Tuesday, 22 May 2018

Tiddler after Tiddler - Florence and Venice, 1999.


This is a new essay about the first time I went to Italy, in the summer of 1999. You can read the complete text on my patreon page - www.patreon.com/Paulmagrs



‘You have to watch out for the hornets here. Have you come across them yet? Oh, they’re malevolent. A full three inches long and they refuse to die. I’ll show you where we keep the shots in case you get stung. You have to inject yourself immediately with adrenalin. Which sounds rather pleasant, but actually you think the top of your head’s blowing off and it fills you with the most crushing anxiety. But then, so do most things, don’t they?’

We sat up late with Rupert telling us everything he knew about Boccaccio and Petrarch, and filling us in on the last twenty years of his and Lorna living in this apartment. They’re in a farmhouse beside the monastery and we were sitting on their veranda in the dark.

Insects went buzzing past, avoiding the clouds of lemon incense. At one point the lamp on the table broke of its own accord with a loud ‘ping!’ Lorna reached out and picked up a piece of hot, broken glass and burnt her hand. She cursed: ‘Why do I always do stupid things to myself?’ She was half laughing, half angry. Her fingers are bright red already. Very small, delicate fingers, but it’s as if they’re turning colour with the cold, even though this place is warm as hell.

We arrived here at their place at just about the same time as they were printing out an email from the hospital laboratory at home, telling them she had the same germ on her lungs as before.

It was lunchtime. We were in a kind of daze from the heat, pulling up in a taxi and dragging our bags on wheels up the gravel path. They gave us red wine straight away and we slept for part of the afternoon.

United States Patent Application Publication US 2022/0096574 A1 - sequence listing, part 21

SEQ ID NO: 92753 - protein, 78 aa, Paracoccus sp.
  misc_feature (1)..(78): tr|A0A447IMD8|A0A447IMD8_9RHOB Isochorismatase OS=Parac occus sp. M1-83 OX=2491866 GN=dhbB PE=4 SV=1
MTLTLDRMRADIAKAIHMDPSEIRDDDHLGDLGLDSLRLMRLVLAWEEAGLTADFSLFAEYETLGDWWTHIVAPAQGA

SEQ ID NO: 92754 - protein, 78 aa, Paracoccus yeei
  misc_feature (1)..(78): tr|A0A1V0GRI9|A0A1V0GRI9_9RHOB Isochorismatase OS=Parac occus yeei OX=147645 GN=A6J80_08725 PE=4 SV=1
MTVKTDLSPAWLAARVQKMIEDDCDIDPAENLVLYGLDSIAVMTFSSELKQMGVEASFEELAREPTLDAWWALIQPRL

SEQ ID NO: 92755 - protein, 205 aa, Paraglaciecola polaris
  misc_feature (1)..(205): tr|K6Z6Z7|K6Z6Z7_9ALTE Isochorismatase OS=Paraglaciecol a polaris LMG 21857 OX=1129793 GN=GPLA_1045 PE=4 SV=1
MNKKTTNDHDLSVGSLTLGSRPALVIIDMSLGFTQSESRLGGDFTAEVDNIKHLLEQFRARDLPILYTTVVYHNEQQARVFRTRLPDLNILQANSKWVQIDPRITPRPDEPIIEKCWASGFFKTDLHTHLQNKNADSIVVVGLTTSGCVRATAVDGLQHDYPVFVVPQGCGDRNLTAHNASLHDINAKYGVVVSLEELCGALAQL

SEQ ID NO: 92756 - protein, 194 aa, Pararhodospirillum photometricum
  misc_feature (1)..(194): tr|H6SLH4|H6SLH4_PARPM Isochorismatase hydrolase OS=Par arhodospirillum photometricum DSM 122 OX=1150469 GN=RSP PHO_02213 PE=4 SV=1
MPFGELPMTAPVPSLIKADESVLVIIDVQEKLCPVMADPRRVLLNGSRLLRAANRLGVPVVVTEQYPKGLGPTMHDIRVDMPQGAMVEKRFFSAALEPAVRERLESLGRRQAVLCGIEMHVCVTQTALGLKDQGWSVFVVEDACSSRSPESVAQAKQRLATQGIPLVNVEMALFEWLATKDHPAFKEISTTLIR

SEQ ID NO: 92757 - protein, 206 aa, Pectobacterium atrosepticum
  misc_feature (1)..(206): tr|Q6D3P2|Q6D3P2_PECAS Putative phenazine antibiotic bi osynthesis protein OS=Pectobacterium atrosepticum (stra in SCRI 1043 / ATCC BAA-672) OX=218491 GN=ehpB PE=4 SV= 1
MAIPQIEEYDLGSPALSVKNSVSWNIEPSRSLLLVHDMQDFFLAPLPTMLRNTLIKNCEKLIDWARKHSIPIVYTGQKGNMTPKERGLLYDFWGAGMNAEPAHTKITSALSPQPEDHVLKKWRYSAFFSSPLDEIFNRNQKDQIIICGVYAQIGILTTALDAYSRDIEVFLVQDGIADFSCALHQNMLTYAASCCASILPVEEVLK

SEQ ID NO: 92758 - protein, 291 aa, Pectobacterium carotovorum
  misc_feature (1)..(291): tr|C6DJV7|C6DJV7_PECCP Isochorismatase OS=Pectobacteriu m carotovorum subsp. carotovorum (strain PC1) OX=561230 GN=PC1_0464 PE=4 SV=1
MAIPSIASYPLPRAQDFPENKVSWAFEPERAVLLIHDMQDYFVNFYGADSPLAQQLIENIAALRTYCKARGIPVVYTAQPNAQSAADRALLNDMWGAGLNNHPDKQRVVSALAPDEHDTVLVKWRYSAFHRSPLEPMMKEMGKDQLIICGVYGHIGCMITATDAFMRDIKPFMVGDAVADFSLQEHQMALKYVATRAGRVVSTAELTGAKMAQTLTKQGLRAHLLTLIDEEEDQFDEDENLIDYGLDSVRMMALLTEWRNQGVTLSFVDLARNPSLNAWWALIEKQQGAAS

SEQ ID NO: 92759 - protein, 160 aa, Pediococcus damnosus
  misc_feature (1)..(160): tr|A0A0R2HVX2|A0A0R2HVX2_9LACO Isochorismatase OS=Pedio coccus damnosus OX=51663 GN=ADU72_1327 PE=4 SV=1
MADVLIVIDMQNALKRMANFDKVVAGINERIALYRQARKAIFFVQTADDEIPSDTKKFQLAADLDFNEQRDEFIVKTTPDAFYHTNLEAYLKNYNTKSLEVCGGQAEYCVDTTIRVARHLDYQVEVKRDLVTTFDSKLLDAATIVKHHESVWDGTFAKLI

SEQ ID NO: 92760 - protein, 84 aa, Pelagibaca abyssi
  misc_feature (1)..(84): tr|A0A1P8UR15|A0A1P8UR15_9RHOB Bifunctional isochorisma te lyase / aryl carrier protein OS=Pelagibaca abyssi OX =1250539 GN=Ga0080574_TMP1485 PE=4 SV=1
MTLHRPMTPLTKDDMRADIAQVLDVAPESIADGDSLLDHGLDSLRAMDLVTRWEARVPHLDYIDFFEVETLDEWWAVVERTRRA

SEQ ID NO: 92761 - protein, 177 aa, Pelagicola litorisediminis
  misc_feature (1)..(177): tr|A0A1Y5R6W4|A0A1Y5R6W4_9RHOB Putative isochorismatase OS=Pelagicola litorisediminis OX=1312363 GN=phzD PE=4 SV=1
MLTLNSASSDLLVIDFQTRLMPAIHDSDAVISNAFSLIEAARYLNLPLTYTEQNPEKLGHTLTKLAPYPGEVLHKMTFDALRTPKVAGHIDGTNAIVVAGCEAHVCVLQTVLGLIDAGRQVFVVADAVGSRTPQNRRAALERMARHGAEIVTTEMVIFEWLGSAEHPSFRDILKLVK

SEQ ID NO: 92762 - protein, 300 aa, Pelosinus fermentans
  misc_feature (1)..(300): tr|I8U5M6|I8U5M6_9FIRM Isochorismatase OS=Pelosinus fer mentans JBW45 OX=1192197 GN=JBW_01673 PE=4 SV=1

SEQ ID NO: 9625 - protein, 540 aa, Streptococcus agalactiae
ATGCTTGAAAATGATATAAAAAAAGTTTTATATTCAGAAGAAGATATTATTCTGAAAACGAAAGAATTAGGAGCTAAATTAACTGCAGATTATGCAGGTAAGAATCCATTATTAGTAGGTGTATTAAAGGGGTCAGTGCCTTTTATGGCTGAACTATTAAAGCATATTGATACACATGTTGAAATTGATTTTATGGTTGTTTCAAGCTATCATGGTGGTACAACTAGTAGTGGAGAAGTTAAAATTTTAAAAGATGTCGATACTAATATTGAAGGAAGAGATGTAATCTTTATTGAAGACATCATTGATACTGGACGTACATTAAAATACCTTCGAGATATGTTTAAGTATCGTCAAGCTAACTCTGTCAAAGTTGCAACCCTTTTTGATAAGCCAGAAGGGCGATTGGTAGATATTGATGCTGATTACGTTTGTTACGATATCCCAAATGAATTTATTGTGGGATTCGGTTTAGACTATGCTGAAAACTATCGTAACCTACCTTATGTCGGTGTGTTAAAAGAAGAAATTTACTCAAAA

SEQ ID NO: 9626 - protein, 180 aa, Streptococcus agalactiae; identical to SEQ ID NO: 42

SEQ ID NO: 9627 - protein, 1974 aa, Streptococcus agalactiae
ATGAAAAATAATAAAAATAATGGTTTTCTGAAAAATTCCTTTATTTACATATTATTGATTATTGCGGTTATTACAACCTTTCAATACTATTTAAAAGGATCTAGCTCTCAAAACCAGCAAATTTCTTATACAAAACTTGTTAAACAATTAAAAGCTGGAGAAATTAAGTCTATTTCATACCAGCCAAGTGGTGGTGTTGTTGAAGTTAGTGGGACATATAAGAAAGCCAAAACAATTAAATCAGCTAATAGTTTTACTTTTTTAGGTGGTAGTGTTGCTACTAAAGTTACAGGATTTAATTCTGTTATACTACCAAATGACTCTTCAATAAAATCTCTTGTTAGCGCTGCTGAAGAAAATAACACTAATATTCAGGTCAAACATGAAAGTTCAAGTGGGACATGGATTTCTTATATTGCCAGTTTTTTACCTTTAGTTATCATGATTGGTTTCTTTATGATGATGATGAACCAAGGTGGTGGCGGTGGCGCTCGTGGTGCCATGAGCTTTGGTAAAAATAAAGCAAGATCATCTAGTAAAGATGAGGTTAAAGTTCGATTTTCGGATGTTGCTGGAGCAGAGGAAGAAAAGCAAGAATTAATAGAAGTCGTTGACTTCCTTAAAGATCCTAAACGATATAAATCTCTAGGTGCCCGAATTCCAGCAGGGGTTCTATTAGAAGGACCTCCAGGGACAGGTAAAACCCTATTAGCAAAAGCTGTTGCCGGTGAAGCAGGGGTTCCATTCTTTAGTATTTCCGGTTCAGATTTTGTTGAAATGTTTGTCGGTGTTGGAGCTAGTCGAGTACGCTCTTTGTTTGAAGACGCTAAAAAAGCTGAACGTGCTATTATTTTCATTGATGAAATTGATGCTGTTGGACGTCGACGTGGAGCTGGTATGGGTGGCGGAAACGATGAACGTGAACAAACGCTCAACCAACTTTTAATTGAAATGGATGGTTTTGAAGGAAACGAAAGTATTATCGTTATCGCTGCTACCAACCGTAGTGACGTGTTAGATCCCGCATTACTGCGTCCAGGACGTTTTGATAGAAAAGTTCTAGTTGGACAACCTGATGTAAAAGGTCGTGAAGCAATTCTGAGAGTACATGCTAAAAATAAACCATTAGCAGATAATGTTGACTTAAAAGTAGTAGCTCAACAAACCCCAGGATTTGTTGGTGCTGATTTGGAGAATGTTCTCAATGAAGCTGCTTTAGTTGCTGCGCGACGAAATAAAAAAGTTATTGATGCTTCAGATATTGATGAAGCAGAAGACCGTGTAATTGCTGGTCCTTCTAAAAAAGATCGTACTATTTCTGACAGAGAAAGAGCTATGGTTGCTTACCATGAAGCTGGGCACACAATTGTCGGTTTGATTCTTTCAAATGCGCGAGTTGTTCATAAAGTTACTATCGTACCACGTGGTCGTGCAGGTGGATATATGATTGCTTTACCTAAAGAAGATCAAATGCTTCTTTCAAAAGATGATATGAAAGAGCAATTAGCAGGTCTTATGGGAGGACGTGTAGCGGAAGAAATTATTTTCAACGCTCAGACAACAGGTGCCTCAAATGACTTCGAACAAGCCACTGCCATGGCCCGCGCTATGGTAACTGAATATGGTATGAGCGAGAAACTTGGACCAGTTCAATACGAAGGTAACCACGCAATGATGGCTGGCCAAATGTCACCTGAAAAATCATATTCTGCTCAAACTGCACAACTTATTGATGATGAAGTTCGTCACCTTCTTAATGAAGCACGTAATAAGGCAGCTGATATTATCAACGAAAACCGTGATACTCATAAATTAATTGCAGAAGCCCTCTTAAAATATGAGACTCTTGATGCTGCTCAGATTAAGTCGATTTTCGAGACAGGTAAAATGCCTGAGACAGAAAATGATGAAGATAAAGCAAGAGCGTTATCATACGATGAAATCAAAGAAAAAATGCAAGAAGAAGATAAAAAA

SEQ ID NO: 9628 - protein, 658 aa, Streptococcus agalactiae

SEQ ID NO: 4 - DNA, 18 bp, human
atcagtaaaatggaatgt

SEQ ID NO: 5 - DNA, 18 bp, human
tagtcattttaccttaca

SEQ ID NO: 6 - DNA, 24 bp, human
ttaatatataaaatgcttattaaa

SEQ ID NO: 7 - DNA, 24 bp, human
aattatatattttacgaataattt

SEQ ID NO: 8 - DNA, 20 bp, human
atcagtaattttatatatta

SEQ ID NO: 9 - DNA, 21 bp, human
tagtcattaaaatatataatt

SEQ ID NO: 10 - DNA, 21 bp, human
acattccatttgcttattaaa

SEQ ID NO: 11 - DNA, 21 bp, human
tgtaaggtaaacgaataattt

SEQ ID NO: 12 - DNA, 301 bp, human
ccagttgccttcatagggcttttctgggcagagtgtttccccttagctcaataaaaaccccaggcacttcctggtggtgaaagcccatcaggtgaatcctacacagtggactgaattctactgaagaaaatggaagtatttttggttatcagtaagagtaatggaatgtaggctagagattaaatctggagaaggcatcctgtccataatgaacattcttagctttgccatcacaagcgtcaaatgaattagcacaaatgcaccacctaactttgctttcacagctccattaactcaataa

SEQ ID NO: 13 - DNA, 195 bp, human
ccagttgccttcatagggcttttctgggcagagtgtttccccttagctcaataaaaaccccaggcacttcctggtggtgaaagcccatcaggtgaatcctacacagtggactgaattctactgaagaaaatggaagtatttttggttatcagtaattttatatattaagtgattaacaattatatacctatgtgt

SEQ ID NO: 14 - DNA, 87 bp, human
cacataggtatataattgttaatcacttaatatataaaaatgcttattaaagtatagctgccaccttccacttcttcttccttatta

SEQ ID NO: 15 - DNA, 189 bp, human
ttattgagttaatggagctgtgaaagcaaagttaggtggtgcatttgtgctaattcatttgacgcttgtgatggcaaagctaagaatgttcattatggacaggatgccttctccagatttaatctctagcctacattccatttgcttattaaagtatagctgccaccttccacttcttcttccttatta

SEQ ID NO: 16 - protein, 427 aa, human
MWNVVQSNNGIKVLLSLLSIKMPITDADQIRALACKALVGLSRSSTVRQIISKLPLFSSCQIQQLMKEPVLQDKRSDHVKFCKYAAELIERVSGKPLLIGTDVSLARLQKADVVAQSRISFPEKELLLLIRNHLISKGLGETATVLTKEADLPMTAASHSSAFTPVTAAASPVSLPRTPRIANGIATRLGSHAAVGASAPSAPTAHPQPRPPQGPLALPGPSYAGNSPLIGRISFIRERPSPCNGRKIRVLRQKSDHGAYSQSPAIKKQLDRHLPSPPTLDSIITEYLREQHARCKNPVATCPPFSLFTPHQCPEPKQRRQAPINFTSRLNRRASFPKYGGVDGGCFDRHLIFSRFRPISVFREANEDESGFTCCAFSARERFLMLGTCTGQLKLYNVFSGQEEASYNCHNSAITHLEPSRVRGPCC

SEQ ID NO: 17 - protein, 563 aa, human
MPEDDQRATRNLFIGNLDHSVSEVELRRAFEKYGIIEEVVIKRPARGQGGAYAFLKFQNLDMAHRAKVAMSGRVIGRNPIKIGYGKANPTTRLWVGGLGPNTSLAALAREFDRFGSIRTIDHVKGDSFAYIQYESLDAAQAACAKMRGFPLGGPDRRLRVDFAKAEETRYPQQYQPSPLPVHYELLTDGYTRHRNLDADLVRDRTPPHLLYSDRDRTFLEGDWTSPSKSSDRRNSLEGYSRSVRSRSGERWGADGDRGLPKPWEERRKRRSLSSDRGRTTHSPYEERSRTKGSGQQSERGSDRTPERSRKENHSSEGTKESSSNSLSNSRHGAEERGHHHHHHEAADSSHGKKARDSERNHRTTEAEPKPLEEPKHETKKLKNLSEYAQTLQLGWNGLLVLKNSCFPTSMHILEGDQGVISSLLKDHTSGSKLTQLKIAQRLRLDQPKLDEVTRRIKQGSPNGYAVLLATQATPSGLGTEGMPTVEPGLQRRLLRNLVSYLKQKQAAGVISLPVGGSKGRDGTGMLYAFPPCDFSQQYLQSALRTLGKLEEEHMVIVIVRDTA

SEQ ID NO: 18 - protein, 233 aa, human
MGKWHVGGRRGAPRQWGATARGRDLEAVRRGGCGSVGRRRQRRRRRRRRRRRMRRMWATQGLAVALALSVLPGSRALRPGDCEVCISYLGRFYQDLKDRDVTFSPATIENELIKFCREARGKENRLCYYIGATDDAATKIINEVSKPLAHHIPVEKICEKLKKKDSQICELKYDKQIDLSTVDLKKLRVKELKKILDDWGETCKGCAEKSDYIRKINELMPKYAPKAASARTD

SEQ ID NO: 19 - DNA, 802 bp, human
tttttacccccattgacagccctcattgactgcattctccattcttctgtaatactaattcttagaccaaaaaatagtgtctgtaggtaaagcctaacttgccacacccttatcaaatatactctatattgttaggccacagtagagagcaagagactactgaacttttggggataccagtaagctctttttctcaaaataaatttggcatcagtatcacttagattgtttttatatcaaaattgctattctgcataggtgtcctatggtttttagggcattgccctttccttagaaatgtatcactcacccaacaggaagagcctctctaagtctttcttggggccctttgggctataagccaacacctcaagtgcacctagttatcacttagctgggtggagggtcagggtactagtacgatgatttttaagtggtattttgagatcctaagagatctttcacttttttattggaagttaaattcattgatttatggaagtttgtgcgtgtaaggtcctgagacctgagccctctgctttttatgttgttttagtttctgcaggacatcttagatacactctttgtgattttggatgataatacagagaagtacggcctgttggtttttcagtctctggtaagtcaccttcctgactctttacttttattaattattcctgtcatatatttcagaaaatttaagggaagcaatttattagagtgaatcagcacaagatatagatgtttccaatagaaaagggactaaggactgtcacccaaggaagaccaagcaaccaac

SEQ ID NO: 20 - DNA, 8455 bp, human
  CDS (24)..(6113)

Our bedroom looks out on real lemon trees.

There are photos in the corridor that leads to our room. Lorna and Rupert on their terrace in the late Seventies and early Eighties. They look so young and they’re laughing so much. Lorna’s drinking vodka. The glass is so big, tipping over her face as though it could swallow her up. It was when they were both in good health and they could run around anywhere in this city. Now they’re stuck in the house mostly, with the air conditioning cranked right up so that she can breathe. Their living room is on the ground floor: it’s kept dim and chilly with the shutters drawn and this huge machine rolling out the cool air for her. She sits there in the night to read when she can’t sleep.

They sit together, telling stories and she cackles loudly and catches her breath. She yells at him to shut up when he goes rabbiting on too much. ‘You’re taking away my concentration!’ She’s so small, but she has a huge presence and a loud voice. Her hair’s like silver spun sugar, combed out and held back with a slide. Rupert is huge beside her, bumbling, red faced, with his tummy poking out of his shirt. He beams at the prospect of showing off and good company.

He was telling me about their long, late night phone calls with Angela Carter, all about nothing. ‘I can see her sitting where you’re sitting now.’ He’s writing a book about the beginnings of all cultures. He says the root of all world cultures can probably be traced back to a troupe of Turkish dancing girls. His conversation goes all over the place and then he’s back to Angela Carter, and how ‘her wit never got into her books. Rather like me, she was a subversive…’

Lorna rolls her eyes as he goes on about how Latin and Greek should be taught in all schools, and how what separates the Middle Ages from the Renaissance was the Plague. ‘It’s all about regeneration,’ he says.

I start telling them about something I read, about the werewolf myth stemming from Medieval folk in Europe going crazy when they ate bread tainted with a particular kind of mould…

‘I don’t know anything about that,’ he burbled. ‘I’ve got absolutely no interest in that.’ And then he was off again, about the churches we ought to be visiting, and more stuff about the source of all culture (there’s an island near Venice with only eleven people on it and a great many artichokes, and that’s the source of all civilization, too.)

I think Lorna’s more like me, preferring cultural stuff that comes from times closer to ours: things more recent and perhaps more ephemeral.

They both talk a lot and thoroughly enjoy themselves. Sometimes they pause and listen to something one of us has to say: Rupert red with impatience, and Lorna beaming at us both.

The following morning she feels much better and, as we head down to breakfast, we can hear her voice booming through the chilly stone house. She’s at the kitchen table with a huge pile of marked-up manuscripts, newsprint, novels and faxes.






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